But yeah, the Lakers are a public team with some seriously over-confident fans, so 7/2 odds seems about right.
First of all, Cleveland is in way better shape post-LeBron than back in 2010. They still have Kevin Love (stop laughing). Collin Sexton is promising. He’s got potential to be a top-tier point guard in 4-5 years.
OK, they’re screwed.
Vegas seems to think so too, listing them at 500/1 title favorites post-Decision 3.0.
As for the Warriors?
11/12 favorites. The interesting side effect of LABron is that it removes a viable challenger to the Warriors relentlessly boring path to a three-peat. The Cavaliers could maybe pull off a trade or find a piece that could give them a chance. Yeah, they were swept in the Finals this year, but two games came down to the wire and they were one boneheaded JR Smith play away from stealing the first game and series momentum.
The Lakers, as currently constructed, aren’t even close. And they’re in the Western Conference.
That sound you hear is bottles popping already in the Bay.
Group play is done. It’s the knockout stages of the 2018 World Cup.
With Germany gone and the appearance of almost NCAA tourney level parity (ok, that’s a stretch, but still…) affecting the World Cup, and one side of the knockout bracket clearly stronger than the other, odds for the prohibitive favorites surely have shifted, right?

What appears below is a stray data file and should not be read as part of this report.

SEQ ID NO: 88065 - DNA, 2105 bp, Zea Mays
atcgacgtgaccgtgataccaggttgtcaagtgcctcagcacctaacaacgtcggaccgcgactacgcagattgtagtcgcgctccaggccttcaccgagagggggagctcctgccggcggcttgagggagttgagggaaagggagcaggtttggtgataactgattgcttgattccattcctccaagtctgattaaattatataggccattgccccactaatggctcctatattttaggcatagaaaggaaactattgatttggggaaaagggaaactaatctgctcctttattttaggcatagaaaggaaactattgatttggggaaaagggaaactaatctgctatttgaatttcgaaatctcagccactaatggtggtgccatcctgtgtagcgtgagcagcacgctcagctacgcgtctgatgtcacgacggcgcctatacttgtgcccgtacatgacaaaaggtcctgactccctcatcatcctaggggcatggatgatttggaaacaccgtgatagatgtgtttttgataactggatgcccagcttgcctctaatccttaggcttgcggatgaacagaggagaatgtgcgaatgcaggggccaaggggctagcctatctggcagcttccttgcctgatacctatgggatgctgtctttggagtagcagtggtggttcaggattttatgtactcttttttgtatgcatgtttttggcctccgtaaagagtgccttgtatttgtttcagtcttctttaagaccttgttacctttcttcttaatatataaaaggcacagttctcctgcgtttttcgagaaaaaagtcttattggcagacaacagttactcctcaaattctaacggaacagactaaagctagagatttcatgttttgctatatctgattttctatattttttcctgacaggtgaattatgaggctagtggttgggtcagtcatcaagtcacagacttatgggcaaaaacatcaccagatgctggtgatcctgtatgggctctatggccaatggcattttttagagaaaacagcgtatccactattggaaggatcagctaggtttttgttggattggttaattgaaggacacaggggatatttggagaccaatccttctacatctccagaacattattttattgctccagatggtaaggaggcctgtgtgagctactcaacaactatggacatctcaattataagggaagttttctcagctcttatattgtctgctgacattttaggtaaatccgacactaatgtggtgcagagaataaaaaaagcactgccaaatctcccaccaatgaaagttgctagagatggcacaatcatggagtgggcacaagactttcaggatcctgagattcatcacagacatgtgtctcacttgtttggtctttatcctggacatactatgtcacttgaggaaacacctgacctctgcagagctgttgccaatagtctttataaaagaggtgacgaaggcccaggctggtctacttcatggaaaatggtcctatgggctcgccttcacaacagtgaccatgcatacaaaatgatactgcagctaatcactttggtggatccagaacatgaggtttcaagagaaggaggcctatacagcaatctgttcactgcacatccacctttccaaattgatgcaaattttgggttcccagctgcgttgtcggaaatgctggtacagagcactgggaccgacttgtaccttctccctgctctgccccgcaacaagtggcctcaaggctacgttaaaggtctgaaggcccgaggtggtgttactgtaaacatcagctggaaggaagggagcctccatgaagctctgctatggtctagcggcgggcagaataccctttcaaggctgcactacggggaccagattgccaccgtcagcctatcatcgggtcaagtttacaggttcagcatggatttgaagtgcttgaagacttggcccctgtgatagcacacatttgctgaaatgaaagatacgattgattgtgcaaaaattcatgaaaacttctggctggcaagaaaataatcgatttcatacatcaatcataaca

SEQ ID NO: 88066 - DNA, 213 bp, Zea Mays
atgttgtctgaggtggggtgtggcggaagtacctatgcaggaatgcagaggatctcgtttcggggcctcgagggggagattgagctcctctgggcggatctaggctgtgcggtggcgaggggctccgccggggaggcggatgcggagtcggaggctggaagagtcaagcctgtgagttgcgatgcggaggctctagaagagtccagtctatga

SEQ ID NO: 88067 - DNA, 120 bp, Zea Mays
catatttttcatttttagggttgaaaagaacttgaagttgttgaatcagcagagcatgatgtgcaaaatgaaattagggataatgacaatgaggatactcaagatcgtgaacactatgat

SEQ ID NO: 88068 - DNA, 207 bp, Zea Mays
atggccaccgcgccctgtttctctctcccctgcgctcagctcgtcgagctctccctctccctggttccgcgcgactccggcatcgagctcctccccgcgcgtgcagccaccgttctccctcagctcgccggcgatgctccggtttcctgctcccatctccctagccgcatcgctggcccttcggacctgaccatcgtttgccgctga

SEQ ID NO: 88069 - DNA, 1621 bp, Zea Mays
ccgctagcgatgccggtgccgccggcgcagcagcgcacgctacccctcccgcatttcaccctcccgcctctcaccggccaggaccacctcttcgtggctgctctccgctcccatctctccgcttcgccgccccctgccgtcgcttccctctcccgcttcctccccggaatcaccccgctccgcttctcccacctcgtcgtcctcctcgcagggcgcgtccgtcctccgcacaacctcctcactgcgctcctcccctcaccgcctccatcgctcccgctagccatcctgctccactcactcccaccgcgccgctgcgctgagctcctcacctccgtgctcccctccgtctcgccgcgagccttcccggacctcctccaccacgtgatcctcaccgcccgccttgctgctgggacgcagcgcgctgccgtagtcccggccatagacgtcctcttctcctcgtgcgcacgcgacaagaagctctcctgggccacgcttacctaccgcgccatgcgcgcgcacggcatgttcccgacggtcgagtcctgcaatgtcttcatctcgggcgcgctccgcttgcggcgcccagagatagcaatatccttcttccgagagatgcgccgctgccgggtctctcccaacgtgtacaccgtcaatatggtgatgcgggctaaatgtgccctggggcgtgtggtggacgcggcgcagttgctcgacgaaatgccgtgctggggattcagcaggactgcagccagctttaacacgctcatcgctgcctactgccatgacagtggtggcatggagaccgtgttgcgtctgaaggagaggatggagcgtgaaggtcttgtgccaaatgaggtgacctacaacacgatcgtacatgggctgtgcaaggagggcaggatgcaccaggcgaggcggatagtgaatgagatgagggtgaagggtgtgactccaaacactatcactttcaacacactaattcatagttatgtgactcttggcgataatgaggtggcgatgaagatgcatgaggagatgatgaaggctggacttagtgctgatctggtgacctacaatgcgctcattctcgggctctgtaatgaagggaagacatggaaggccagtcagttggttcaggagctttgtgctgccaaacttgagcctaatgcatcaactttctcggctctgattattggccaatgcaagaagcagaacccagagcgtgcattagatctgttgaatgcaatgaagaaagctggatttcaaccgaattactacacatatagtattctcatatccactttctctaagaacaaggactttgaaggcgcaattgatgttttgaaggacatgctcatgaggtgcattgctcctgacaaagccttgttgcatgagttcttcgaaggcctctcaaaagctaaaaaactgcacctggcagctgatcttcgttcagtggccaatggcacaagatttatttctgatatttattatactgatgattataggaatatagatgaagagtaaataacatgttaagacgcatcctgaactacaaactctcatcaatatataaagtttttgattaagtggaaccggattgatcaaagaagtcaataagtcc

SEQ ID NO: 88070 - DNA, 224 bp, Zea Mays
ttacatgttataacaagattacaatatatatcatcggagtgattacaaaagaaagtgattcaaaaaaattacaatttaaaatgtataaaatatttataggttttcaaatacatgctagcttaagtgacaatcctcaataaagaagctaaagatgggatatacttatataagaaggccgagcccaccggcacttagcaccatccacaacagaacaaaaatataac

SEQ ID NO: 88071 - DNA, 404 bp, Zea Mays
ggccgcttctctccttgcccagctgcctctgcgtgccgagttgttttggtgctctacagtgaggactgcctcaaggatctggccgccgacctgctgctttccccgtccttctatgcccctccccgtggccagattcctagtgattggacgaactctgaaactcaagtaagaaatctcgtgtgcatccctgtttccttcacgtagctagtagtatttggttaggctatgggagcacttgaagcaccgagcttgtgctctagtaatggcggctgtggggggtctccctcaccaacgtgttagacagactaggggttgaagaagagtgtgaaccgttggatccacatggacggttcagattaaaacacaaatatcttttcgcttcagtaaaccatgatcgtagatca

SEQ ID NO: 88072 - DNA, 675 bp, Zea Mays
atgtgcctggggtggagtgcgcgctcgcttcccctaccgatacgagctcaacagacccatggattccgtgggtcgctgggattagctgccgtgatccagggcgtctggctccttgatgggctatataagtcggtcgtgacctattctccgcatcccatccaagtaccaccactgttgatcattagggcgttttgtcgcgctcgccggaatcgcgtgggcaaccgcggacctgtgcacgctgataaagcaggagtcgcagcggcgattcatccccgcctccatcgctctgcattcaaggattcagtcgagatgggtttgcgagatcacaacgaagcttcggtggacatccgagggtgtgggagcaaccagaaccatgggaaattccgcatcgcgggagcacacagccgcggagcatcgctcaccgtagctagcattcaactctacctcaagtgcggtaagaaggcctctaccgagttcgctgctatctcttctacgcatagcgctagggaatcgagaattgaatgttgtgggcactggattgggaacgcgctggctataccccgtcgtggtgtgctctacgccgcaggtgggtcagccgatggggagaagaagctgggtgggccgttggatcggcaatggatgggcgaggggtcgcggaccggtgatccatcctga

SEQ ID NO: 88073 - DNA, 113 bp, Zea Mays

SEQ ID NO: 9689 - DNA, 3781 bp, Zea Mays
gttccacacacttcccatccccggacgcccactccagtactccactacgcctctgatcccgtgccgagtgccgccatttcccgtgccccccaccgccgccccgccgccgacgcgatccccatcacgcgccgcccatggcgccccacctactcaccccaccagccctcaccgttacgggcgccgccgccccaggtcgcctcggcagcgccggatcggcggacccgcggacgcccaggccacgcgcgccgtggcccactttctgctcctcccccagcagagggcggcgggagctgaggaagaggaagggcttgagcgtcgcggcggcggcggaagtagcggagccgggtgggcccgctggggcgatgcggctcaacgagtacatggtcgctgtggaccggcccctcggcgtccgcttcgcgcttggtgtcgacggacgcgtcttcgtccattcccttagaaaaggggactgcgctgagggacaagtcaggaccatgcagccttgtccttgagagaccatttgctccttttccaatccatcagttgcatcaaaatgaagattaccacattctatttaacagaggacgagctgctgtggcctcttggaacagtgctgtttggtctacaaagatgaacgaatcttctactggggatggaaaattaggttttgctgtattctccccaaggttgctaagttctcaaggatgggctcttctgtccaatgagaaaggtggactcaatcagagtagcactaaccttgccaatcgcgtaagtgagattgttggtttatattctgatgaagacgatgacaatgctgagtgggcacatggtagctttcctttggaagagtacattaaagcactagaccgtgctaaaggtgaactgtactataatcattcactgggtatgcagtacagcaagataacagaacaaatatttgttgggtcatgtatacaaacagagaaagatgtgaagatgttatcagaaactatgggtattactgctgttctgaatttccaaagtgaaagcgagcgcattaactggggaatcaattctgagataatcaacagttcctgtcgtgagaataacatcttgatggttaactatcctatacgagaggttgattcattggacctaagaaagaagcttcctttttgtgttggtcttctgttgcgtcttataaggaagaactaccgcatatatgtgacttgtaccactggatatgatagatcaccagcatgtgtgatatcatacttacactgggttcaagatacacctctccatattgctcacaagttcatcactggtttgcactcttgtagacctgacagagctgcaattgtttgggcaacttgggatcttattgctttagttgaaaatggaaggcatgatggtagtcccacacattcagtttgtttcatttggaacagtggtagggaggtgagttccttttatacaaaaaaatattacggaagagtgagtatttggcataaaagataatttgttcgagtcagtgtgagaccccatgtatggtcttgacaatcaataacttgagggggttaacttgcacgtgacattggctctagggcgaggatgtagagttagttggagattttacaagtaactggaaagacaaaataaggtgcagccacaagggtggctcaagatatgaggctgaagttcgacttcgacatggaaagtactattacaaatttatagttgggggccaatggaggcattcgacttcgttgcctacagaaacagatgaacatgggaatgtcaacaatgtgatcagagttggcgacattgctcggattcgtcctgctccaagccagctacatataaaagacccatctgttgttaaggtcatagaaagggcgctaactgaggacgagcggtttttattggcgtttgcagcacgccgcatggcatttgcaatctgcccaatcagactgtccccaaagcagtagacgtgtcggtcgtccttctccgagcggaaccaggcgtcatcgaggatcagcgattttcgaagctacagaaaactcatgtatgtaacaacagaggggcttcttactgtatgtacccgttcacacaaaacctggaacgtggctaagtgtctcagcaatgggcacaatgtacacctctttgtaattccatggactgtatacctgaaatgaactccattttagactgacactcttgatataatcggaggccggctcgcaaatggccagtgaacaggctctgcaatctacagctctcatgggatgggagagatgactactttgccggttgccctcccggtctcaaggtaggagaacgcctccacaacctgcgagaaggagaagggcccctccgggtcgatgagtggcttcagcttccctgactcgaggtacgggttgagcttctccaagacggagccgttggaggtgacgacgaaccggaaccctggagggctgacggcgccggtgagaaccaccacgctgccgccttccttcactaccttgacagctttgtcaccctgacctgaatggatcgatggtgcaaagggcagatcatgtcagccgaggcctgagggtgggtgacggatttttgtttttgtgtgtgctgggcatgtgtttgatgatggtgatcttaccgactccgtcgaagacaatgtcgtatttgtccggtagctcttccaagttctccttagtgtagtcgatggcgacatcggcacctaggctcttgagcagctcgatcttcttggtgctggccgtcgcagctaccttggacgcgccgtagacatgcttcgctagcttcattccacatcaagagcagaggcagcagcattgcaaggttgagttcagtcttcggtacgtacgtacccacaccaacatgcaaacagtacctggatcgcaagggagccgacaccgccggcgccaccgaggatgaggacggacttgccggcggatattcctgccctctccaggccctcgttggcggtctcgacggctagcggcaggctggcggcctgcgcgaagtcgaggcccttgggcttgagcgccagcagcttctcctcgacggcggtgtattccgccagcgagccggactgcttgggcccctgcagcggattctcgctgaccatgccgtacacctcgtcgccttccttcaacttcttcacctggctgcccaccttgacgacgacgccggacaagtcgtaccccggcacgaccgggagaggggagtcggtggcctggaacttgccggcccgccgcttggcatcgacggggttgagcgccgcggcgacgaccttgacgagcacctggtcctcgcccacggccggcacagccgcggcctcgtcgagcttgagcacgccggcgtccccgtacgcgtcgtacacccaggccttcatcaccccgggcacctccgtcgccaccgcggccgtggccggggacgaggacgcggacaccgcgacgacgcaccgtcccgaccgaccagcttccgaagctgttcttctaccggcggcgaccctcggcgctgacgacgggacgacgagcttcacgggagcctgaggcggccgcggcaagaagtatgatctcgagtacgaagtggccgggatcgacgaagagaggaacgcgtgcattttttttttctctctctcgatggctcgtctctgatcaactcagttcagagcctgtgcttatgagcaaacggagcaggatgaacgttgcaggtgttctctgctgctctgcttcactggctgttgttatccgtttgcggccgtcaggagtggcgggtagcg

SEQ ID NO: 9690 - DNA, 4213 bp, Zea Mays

The more things change the more they stay the same
Brazil and Spain were favorites pre-tournament. They’re the two favorites today. They’re on opposite sides of the bracket. They could very well meet in the finals.
Odds for Brazil are roughly between 3-1 and 4-1 at various books. Spain has the easier path the finals. They are locked in solidly at 4-1 at most books.
Brazil and Spain should be favorites. Both countries have looked strong. Spain has the easier path and is the safer play. Plus we all know Sergio Ramos will go full on Cobra Kai and just cheap shot any potential attacking threat out of the tournament for Spain.
Websites like 538 seem to agree with those odds. Despite being in the “Bracket of Death,” 538’s analytic model gives Brazil a 25% chance of being Cup champs. Spain is at 20%. No other team hits double-digits.
But if it was somebody else…
We’ve been saying all along that Belgium was legit. They were a strong value at 10-1 to 12-1 pre-tournament. Both 538 and Vegas give them the third best overall odds to capture the Cup (9% and 7-1, respectively).
What about England? Despite drawing Colombia in the Round of 16 and, well, being England, both 538 and sportsbooks have The Three Lions as fourth overall favorites (8% champ and roughly 8-1 odds).